Coffee is by far America’s favorite form of caffeine, with 62% of the population drinking the beverage every day. This may be a good thing considering regular coffee consumption can decrease one’s risk of developing type 2 diabetes, according to a study published in Nutrition, Metabolism, and Cardiovascular Disease. Coffee also contains vitamins B2, B3, and B5, plus essential nutrients like potassium and manganese. Just try to avoid coffee beverages with added sugar (flavored lattes are one common form), given sugar-sweetened beverages are proven to increase the risk of many serious health conditions.
Tea can also be an effective and healthy way to consume caffeine. Tea is naturally rich in L-theanine, which slows the body’s absorption of caffeine for a more gradual energy boost. This slower absorption rate is thought to be due to L-theanine having a slightly sedative effect, reducing anxiety and promoting calmness. Tea is also rich in antioxidants called flavonoids, which have a detoxifying effect on the body and prevent the formation of free radicals, which can cause blood clots and cancer. For optimal results, avoid sweet tea, since added sugar greatly increases calories and is more likely to put you in an energy slump.
What are the health benefits of microdosing caffeine?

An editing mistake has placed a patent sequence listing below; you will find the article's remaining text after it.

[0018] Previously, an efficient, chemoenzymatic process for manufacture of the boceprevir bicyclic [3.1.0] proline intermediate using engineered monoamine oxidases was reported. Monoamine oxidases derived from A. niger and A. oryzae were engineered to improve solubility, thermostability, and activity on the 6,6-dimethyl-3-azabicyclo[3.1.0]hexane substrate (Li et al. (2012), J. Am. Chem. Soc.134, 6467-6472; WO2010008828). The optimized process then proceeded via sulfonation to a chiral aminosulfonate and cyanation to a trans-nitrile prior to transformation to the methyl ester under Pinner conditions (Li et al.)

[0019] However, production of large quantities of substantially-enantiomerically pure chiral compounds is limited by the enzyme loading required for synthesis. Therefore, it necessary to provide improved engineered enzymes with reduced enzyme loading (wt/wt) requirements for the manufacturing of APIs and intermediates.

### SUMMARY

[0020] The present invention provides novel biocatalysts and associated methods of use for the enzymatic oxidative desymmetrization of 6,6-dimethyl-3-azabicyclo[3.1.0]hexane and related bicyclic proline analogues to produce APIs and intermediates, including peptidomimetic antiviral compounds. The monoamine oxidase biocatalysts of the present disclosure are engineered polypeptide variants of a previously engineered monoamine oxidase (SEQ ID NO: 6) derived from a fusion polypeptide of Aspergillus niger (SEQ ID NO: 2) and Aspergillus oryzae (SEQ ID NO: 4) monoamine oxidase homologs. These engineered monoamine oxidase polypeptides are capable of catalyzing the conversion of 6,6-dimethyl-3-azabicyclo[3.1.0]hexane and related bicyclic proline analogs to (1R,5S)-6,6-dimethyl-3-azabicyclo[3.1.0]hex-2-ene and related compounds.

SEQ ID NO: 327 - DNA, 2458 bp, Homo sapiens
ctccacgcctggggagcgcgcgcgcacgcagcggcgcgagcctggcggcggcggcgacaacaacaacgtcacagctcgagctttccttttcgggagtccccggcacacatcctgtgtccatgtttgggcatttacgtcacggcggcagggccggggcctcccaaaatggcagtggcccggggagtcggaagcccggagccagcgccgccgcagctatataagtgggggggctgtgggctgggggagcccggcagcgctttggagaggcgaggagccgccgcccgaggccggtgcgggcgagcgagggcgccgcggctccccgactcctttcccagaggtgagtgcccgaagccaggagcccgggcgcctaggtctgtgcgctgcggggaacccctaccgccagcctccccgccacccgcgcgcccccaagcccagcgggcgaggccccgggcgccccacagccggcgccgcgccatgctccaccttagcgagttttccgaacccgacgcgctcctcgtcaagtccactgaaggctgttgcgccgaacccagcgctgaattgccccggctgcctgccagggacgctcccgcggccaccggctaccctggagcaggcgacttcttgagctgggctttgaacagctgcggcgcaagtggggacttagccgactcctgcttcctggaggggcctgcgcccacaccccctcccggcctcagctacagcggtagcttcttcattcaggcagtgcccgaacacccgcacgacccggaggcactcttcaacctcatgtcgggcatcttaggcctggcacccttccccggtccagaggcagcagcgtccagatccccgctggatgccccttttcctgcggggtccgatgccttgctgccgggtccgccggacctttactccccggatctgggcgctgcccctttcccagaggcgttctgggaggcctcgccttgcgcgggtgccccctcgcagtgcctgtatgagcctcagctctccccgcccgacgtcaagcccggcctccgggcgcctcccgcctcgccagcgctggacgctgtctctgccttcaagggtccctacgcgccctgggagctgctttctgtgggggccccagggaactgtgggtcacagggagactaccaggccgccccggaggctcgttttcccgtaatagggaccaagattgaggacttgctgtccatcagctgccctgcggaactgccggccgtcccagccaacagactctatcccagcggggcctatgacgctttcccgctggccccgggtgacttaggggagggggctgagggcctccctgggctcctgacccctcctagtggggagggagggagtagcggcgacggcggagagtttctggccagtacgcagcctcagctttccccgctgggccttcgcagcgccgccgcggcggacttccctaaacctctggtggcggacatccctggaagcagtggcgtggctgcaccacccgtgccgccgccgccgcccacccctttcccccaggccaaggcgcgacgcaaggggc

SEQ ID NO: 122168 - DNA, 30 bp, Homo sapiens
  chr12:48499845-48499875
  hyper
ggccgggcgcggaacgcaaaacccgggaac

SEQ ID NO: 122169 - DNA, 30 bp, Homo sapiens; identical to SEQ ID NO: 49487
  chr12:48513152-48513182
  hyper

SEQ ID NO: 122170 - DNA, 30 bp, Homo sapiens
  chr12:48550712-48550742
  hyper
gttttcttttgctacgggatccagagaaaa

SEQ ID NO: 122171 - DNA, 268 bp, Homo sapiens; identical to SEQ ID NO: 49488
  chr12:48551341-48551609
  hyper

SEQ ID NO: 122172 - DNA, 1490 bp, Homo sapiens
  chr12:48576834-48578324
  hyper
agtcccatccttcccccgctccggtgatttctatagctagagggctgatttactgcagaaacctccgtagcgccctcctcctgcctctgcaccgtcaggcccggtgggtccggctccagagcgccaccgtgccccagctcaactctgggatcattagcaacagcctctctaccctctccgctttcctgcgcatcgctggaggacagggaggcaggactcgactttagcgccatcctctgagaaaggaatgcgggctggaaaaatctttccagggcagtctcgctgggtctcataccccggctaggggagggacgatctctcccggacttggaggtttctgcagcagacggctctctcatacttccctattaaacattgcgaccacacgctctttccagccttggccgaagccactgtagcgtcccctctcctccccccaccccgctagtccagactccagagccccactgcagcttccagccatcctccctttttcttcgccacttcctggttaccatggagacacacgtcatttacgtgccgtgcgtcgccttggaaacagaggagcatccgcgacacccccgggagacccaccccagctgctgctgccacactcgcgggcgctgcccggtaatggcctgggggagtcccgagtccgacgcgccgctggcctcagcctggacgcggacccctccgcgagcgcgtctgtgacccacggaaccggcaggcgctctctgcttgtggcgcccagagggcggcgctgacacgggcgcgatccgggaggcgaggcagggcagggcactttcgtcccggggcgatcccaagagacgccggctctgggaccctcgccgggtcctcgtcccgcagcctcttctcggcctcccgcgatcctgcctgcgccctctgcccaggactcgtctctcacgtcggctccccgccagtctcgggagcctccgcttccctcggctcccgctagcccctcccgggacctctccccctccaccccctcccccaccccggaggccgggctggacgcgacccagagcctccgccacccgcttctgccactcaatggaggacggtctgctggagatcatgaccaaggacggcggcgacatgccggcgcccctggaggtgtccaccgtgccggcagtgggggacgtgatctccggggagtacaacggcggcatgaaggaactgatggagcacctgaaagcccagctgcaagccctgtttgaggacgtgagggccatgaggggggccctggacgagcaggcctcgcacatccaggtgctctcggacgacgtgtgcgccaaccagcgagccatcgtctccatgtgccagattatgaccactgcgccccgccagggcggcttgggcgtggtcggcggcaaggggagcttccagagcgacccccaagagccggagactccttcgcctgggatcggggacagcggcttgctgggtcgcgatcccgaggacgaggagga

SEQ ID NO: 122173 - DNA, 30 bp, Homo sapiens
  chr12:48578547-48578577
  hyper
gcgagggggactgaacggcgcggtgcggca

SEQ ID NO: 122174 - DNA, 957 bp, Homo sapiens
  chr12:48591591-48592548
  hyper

Consuming smaller amounts of caffeine can have the following health benefits, assuming that you are reducing your total daily caffeine consumption from pre-microdosing levels.
- Lower blood pressure
- Decrease anxiety
- Improve collagen synthesis for healthier skin
- Reduce stomach acid
- Reduce sugar and calorie intake, especially if you consume sweetened caffeinated beverages and switch to unsweetened black coffee or plain tea
Microdosing can help you taper off caffeine
Though it may not be your intention to quit caffeine, you may find that after consuming smaller amounts of the substance, you want to see how you would feel without it. Microdosing can be the “off-ramp” to help you safely taper off caffeine: since you’re already taking smaller doses, you can simply decrease the frequency of your caffeine doses until you’re no longer consuming any. Weaning yourself off caffeine this way is less painful than quitting “cold turkey,” as you can avoid headaches and any other potential effects of caffeine withdrawal.
How much caffeine am I drinking?
Here’s a list of the most popular caffeinated beverages in order of their caffeine content. You may be surprised by some of these!
|8 oz soda (cola)
|~ 22 mg caffeine
|8 oz green tea
|~ 28 mg caffeine
|8 oz matcha tea
|~ 19-44 mg caffeine, depending on the preparation method
|8 oz black tea
|~ 47 mg caffeine
|1 oz espresso shot
|~ 64 mg caffeine
|8 oz energy drink
|~ 70-80 mg caffeine
|8 oz coffee
|~ 96 mg caffeine
Curious to see how much caffeine you may be consuming from your favorite name-brand caffeine products? Check out this list.